UK Government Funding Granted to Develop UK Supply of Lithium

Mining consultancy firm Wardell Armstrong (Consortium lead), exploration company Cornish Lithium and the Natural History Museum (“the Consortium”) are pleased to announce the Government has granted funding for a new study to assess the feasibility of developing a UK supply of lithium. The project, Lithium for the UK (Li4UK), aims to help meet the huge increase in demand for the battery metal anticipated from the transition to electric vehicles.

The funding is part of the Faraday Battery Challenge, designed to develop safe and efficient batteries in the UK to power the next generation of electric vehicles as part of a push for innovative energy solutions. It forms part of the Government’s drive to ‘maintain the UK as a world-leader in the latest technologies and emerging markets, through its modern Industrial Strategy.’ The Consortium will assess the feasibility of extracting and converting a supply of lithium from the UK in to battery-grade material.

UK Research and Innovation Chief Executive, Professor Sir Mark Walport, commented: “The Faraday Battery Challenge brings together the UK’s world-class expertise across research and industry to deliver battery technologies that will power the vehicles of the future. The projects announced today emphasise how this collective expertise is being brought to bear on the biggest challenges facing the development of next-generation electric car batteries, from their power source and performance to safety and manufacturing.”

The Faraday Battery Challenge brings together world-leading research and business to accelerate the research needed to develop battery technologies – a crucial move towards a net zero emissions economy in the UK, and a key contributor to all new cars and vans being zero emission by 2040.

Business and Energy Secretary, Greg Clark, said: “We are committed to ensuring our world-leading automotive sector can flourish. These exciting new projects will build on the UK’s reputation for excellence, our rich heritage in the auto industry and pave the way for advances towards a cleaner economy.

We will continue to invest in future car manufacturing, batteries and electrification infrastructure through our modern Industrial Strategy and today’s winners will be crucial in ensuring that the UK leads the world in the global transition to a low carbon economy - one of the greatest industrial opportunities of our time.”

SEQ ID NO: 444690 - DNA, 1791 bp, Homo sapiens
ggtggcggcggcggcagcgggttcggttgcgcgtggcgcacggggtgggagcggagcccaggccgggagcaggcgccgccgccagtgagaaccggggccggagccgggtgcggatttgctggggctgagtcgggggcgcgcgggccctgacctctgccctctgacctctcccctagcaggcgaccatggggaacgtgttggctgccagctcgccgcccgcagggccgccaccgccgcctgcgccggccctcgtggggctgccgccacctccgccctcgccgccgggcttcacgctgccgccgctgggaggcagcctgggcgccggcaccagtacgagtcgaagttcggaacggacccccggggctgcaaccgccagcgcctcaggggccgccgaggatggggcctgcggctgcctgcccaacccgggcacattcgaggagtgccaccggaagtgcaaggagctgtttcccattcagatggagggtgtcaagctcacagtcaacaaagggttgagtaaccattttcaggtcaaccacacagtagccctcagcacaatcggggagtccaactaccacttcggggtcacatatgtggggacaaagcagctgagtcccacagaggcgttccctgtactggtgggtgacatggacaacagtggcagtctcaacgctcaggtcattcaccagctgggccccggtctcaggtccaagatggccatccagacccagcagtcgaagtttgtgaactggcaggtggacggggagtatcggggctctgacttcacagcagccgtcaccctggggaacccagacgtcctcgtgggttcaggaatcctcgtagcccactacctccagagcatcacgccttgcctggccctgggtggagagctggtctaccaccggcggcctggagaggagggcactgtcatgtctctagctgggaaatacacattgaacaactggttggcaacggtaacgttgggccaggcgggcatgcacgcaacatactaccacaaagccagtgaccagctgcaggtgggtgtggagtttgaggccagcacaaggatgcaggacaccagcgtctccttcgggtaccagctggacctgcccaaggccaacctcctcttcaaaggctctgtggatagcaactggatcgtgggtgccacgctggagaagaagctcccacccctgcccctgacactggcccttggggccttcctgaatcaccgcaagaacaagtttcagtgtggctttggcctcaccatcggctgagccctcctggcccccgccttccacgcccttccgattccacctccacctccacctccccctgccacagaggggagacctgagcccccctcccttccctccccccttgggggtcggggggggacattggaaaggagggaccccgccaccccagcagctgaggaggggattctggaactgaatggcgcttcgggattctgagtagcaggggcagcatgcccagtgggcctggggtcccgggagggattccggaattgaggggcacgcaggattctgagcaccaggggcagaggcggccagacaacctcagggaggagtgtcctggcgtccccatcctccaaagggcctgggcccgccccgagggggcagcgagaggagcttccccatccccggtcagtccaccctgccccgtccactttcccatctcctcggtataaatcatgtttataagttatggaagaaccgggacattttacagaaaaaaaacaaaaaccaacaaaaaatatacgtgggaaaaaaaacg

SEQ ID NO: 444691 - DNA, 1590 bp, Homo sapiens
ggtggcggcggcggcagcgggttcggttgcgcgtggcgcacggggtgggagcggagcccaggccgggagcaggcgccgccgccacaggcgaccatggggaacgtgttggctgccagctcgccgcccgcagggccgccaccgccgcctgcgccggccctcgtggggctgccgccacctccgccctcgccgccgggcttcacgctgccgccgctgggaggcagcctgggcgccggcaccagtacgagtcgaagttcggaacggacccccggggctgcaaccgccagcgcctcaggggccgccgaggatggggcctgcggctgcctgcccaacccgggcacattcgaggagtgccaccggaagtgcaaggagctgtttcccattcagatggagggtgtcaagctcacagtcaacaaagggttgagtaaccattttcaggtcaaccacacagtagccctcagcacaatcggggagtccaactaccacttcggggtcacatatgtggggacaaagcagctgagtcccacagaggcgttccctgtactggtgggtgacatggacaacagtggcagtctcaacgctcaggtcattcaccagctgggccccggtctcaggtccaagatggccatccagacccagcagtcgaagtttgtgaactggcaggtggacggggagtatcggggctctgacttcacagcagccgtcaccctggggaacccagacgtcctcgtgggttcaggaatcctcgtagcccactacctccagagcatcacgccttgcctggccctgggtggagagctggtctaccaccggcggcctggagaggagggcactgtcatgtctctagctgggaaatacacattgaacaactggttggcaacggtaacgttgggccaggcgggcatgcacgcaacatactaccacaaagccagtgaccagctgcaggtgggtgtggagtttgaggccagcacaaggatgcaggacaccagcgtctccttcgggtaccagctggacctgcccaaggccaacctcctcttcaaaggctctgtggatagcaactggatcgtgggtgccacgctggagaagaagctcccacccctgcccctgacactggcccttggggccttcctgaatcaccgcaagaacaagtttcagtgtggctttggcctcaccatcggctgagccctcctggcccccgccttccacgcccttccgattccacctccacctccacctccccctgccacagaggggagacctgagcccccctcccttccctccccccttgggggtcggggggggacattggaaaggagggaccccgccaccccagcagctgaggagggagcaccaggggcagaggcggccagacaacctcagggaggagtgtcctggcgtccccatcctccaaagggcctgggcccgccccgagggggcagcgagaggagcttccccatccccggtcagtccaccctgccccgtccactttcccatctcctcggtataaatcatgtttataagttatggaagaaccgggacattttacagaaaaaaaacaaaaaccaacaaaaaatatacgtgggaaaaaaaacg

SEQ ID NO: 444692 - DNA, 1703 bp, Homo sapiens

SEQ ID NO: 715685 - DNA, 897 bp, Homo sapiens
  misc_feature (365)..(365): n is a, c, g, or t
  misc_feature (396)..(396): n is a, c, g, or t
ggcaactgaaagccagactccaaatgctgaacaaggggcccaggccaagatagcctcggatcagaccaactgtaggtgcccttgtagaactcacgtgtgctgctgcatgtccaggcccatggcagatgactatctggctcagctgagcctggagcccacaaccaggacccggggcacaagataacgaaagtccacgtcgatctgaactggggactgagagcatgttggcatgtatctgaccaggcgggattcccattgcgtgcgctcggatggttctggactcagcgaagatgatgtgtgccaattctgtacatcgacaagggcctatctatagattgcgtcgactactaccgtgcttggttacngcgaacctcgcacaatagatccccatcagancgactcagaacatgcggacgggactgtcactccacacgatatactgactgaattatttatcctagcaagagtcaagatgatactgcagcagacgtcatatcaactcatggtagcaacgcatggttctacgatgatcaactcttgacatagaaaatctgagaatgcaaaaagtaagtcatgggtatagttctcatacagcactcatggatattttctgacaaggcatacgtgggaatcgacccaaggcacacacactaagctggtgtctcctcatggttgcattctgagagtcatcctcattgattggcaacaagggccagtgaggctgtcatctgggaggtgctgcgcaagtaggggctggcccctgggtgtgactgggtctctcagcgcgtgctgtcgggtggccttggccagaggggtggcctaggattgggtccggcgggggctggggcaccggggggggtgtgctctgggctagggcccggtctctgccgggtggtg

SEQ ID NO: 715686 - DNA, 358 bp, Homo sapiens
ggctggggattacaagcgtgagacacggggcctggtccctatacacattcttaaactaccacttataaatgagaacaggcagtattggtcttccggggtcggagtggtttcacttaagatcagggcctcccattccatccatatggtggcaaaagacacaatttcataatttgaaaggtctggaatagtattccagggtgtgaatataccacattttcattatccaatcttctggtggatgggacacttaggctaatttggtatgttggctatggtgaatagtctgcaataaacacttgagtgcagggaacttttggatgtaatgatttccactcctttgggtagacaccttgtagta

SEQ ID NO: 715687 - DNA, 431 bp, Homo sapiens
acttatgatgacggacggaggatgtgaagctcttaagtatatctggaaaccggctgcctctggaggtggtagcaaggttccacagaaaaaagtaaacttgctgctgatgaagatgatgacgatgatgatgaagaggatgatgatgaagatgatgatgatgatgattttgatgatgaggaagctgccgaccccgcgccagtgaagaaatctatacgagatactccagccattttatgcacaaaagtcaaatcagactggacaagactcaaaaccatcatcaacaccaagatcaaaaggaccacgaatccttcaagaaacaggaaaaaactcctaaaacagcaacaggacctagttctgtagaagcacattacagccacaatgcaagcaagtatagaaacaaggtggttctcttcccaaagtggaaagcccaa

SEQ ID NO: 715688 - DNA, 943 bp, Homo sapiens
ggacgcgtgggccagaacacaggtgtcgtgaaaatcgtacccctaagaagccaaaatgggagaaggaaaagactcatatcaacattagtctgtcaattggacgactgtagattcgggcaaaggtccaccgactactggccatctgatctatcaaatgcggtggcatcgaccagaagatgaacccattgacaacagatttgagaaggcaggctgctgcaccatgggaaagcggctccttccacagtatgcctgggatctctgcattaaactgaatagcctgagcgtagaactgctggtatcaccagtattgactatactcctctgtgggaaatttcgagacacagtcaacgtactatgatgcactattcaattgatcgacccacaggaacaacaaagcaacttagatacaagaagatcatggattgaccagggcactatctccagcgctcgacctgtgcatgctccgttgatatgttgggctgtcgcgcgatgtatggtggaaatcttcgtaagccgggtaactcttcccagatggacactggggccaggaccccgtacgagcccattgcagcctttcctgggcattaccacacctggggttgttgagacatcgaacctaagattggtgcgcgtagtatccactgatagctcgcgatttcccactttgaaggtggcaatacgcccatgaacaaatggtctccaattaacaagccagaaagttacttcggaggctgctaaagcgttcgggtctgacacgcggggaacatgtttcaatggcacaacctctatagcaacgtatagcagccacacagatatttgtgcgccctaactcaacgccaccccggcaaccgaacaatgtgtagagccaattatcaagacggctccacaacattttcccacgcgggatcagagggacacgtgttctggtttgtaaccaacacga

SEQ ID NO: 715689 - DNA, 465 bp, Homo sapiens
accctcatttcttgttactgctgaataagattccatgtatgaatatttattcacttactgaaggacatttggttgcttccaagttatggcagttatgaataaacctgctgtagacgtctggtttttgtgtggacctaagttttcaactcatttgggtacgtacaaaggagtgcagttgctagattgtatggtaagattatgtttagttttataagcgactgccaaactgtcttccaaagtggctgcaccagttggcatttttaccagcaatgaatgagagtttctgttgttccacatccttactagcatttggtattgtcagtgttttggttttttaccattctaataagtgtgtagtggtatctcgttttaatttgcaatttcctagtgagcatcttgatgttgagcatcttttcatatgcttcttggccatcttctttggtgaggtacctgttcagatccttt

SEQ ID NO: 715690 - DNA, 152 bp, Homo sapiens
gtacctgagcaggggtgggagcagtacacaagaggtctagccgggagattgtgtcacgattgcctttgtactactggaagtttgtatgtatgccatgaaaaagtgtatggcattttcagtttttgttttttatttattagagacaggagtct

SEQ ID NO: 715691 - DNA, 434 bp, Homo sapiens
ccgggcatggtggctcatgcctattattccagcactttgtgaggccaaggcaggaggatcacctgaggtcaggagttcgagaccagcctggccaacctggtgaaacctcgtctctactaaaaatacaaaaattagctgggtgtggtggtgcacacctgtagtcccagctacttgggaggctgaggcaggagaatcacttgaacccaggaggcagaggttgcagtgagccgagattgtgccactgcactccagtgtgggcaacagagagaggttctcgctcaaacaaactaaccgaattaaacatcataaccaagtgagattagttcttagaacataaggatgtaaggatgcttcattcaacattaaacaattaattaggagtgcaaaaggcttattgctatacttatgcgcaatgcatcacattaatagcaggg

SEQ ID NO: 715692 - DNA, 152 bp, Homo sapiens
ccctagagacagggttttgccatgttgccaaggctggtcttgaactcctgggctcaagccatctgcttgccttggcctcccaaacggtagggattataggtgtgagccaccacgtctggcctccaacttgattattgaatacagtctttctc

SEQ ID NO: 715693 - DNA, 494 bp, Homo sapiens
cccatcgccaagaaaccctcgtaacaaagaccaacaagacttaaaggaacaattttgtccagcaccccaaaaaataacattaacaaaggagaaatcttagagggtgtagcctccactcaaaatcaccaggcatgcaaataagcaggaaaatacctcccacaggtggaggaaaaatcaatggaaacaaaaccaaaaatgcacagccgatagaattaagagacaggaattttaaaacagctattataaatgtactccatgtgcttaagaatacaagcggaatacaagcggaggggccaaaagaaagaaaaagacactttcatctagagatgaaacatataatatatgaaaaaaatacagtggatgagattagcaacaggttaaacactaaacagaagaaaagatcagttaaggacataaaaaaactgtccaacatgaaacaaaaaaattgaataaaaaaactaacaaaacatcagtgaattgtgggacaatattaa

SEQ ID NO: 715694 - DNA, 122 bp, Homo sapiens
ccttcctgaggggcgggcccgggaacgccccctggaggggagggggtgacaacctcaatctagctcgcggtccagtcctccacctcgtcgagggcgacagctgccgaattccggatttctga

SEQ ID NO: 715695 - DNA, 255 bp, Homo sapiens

Faraday Battery Challenge Director, Tony Harper, said: “This is a massive investment in business-led battery R&D in the UK, supporting innovative technologies and helping to build a UK supply chain that can compete on the global stage.”

The Consortium believes this feasibility study is a vital first step in securing a domestic supply of lithium for the UK battery and automotive industries.

Dr Chris Broadbent, Research Director, Wardell Armstrong International and Project Coordinator commented: “Presently the UK is totally reliant upon imported lithium compounds, with the vast majority supplied from China, for use in the Lithium Ion Batteries (LIBs) that will power the electric vehicles of the future. This is the first project funded by the Faraday Battery Challenge that examines the potential to provide lithium from UK sources, including rocks and brines. I believe it can be of great significance to development and the creation of a 21st century, green mining industry in the UK.”

Jeremy Wrathall, Founder & CEO of Cornish Lithium Ltd. commented: “This is an historic opportunity for Cornwall to participate in the development of a possible source of lithium for the UK. We are delighted to be part of the Consortium and look forward to working with Wardell Armstrong and the Natural History Museum on this exciting project.

By bringing together experts in the field, the Consortium hopes to produce research which will enable the UK to power the next generation of electric vehicles and build upon its reputation for excellence.” 

Dr Robin Armstrong, Researcher at the Natural History Museum London and a Co-Investigator commented: “In order for the UK to maintain its position as a world leader in lithium battery technology development for future low emission technologies, there is a need for a secure and ethically sourced supply of raw materials. The Li4UK project will allow us the opportunity to explore the potential for lithium resources domestically. This work will build on our existing investigations into the geodiversity of elements such as cobalt, nickel and copper required for our society’s future clean technologies.”